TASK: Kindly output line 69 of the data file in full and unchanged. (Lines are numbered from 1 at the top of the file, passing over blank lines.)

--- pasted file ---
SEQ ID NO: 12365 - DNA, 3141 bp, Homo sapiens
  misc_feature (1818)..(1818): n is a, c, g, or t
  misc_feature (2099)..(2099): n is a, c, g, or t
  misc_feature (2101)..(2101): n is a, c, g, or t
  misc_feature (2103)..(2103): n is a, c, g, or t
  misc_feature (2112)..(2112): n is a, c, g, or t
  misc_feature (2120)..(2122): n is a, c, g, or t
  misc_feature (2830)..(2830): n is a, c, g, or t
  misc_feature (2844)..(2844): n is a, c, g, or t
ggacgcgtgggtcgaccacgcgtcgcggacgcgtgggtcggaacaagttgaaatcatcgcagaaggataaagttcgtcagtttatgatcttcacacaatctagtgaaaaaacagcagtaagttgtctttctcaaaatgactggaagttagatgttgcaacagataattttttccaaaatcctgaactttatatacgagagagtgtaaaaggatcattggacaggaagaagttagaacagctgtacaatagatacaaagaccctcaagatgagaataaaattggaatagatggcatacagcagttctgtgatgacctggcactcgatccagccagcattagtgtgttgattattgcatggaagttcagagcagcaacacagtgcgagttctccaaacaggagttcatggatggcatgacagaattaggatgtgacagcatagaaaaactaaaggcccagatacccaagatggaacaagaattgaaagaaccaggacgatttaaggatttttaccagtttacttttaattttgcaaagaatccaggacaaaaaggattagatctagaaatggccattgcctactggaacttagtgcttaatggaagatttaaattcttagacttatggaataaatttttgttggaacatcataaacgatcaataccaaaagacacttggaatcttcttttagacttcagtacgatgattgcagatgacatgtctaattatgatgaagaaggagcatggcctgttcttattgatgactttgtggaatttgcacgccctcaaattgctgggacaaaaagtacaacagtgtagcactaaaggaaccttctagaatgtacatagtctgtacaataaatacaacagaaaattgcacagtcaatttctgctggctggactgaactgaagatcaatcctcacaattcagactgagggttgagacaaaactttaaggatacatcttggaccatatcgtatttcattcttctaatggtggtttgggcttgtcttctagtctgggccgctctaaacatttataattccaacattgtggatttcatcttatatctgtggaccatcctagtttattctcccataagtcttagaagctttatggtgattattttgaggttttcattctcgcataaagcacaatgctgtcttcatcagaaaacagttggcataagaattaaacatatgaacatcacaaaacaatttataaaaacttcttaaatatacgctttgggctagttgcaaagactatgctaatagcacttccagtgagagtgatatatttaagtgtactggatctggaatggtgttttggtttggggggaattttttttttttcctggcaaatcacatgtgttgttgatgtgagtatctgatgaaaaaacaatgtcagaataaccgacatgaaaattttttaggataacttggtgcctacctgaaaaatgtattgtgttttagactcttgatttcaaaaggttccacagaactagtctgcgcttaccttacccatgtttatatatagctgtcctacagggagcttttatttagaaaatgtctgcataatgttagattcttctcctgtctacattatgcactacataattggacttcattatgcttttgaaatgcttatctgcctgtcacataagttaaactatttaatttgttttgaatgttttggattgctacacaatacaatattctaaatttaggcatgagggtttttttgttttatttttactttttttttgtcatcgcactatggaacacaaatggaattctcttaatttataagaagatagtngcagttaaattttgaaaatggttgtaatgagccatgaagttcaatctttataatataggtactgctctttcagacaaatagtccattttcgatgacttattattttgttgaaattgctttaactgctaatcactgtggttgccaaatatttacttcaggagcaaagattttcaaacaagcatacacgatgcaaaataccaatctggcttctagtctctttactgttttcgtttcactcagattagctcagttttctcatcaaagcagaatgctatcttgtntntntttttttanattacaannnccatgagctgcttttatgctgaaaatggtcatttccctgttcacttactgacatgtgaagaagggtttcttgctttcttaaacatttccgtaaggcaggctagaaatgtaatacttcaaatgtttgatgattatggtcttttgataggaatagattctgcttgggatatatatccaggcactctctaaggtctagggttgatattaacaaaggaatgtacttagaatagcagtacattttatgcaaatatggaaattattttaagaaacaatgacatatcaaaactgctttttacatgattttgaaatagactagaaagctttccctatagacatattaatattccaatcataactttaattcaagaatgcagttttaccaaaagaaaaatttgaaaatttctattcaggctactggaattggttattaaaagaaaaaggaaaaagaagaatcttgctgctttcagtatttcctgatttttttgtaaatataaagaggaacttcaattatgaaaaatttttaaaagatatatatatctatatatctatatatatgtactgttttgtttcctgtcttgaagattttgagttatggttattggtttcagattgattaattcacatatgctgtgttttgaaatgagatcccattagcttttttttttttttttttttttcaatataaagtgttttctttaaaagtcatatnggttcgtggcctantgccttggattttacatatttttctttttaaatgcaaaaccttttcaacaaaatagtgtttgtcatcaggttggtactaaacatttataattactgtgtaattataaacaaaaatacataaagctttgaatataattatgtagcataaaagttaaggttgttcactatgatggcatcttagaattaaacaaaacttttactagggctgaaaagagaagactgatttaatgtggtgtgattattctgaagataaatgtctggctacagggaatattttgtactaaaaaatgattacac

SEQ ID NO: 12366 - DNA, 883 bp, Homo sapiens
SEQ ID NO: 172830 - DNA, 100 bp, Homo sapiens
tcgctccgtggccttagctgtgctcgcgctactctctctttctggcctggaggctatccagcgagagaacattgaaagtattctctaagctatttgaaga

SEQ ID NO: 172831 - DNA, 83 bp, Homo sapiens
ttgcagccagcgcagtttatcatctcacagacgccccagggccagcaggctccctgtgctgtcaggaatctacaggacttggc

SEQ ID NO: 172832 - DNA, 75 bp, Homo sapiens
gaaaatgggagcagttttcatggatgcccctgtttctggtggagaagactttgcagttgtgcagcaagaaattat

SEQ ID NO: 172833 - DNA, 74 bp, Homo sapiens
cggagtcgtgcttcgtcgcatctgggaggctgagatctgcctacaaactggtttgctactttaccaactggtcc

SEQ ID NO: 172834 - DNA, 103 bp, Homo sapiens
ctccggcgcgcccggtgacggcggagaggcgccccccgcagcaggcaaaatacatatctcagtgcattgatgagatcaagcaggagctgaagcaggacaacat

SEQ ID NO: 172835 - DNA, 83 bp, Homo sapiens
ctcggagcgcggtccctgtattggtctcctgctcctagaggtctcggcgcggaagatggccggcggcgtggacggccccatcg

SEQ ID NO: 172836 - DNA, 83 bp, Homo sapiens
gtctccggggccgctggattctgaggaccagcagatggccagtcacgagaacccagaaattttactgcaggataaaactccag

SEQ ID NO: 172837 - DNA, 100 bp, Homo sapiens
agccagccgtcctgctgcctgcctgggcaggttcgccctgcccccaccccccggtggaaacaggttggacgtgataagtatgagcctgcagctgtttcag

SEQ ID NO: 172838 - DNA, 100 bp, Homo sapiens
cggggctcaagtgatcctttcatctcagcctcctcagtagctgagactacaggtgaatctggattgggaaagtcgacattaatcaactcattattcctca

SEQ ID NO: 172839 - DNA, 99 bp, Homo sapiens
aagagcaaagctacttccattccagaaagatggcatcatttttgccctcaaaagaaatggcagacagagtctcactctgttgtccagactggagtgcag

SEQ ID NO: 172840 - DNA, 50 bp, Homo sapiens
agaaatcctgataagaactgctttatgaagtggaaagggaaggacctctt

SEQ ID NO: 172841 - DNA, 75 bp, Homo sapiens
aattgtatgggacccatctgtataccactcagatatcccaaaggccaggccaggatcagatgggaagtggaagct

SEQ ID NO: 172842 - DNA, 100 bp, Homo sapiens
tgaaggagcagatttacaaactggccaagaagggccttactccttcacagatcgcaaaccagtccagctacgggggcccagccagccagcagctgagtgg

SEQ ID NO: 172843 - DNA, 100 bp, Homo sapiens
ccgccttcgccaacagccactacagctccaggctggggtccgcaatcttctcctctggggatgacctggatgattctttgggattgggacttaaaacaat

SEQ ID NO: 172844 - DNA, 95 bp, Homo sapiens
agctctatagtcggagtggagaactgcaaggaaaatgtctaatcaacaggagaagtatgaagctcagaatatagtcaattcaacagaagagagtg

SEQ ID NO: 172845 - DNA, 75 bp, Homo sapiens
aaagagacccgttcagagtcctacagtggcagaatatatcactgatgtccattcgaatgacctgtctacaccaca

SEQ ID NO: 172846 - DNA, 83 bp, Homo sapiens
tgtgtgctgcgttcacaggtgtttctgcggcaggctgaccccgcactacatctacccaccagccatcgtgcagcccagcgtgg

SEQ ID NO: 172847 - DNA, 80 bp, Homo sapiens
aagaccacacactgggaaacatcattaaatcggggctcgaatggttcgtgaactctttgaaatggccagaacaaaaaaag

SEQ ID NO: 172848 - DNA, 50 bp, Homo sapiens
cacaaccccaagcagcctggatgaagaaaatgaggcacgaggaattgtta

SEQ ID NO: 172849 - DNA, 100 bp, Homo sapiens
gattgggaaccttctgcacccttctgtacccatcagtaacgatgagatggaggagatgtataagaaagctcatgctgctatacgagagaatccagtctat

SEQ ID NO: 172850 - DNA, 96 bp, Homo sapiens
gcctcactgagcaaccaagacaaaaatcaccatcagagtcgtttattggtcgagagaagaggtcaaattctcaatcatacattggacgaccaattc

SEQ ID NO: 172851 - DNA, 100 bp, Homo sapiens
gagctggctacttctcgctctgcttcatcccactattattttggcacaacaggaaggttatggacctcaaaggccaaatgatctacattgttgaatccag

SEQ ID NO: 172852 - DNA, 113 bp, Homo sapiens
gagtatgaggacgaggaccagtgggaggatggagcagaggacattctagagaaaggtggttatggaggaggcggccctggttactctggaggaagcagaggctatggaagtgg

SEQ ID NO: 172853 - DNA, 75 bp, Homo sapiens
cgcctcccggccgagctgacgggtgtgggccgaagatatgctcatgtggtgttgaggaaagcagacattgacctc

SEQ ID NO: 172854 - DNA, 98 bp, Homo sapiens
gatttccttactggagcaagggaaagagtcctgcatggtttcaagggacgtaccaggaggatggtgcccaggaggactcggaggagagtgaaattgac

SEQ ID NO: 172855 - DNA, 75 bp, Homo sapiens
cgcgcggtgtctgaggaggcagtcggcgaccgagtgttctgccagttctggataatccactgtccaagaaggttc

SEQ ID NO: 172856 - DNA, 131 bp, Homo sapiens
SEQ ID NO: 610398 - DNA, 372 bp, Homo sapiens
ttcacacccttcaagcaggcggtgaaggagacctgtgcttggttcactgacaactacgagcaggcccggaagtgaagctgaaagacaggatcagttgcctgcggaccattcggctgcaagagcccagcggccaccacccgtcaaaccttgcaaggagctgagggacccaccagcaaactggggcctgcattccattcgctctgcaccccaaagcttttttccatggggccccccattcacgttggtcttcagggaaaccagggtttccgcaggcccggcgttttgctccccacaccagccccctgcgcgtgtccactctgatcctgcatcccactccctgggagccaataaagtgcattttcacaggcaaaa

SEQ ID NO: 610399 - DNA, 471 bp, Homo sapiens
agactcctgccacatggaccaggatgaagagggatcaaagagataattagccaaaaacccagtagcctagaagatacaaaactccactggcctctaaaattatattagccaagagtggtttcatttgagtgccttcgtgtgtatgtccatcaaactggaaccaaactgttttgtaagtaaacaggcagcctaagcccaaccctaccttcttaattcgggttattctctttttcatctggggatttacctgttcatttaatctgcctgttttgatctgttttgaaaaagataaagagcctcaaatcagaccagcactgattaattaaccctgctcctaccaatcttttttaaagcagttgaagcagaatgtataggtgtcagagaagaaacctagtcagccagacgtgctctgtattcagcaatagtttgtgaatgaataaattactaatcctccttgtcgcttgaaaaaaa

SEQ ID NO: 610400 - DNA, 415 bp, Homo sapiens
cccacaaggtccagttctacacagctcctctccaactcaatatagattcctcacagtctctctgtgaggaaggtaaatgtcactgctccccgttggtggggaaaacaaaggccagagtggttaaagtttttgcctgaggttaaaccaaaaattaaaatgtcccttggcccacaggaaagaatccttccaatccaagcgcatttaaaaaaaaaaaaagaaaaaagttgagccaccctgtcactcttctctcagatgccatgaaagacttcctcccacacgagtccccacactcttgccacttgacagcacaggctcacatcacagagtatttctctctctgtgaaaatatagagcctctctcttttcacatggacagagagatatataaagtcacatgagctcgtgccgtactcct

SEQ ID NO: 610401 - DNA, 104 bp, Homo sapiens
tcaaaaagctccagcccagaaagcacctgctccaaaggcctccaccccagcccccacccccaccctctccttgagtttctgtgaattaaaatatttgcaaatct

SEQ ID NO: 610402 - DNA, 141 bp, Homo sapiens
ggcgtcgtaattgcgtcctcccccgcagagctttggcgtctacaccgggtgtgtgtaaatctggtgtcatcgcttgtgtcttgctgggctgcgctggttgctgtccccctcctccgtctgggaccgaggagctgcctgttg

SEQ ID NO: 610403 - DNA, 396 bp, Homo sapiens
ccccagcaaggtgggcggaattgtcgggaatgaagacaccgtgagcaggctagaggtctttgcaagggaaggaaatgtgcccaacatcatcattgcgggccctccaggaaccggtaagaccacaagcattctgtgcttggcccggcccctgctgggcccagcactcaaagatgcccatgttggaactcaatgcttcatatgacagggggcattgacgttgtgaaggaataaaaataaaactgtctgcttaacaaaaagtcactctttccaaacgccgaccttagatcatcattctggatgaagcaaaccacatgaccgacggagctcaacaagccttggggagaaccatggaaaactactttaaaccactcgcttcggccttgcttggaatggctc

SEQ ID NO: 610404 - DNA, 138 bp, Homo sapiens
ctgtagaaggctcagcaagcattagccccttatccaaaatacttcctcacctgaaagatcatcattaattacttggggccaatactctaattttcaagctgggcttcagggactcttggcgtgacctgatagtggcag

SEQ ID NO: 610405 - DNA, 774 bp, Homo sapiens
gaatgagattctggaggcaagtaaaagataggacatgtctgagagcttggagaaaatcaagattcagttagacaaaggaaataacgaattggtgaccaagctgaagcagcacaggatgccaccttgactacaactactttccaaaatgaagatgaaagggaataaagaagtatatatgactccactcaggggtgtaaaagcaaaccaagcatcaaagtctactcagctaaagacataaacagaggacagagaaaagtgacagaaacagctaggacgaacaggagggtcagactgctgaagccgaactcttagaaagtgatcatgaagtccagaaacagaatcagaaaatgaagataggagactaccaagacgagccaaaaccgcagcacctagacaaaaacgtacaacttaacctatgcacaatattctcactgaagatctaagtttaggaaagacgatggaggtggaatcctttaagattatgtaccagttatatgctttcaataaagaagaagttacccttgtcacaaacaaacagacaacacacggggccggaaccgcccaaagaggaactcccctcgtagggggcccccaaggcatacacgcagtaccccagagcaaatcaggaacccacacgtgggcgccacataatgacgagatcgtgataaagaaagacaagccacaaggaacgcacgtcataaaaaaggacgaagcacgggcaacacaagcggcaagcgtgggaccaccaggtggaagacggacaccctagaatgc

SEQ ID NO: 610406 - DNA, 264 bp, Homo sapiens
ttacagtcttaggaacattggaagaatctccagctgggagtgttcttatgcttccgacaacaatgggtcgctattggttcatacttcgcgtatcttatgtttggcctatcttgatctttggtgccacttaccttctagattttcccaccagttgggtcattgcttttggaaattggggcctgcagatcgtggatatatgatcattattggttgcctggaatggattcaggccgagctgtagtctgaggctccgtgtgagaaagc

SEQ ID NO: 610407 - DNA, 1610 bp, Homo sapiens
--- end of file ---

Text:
SEQ ID NO: 610400 - DNA, 415 bp, Homo sapiens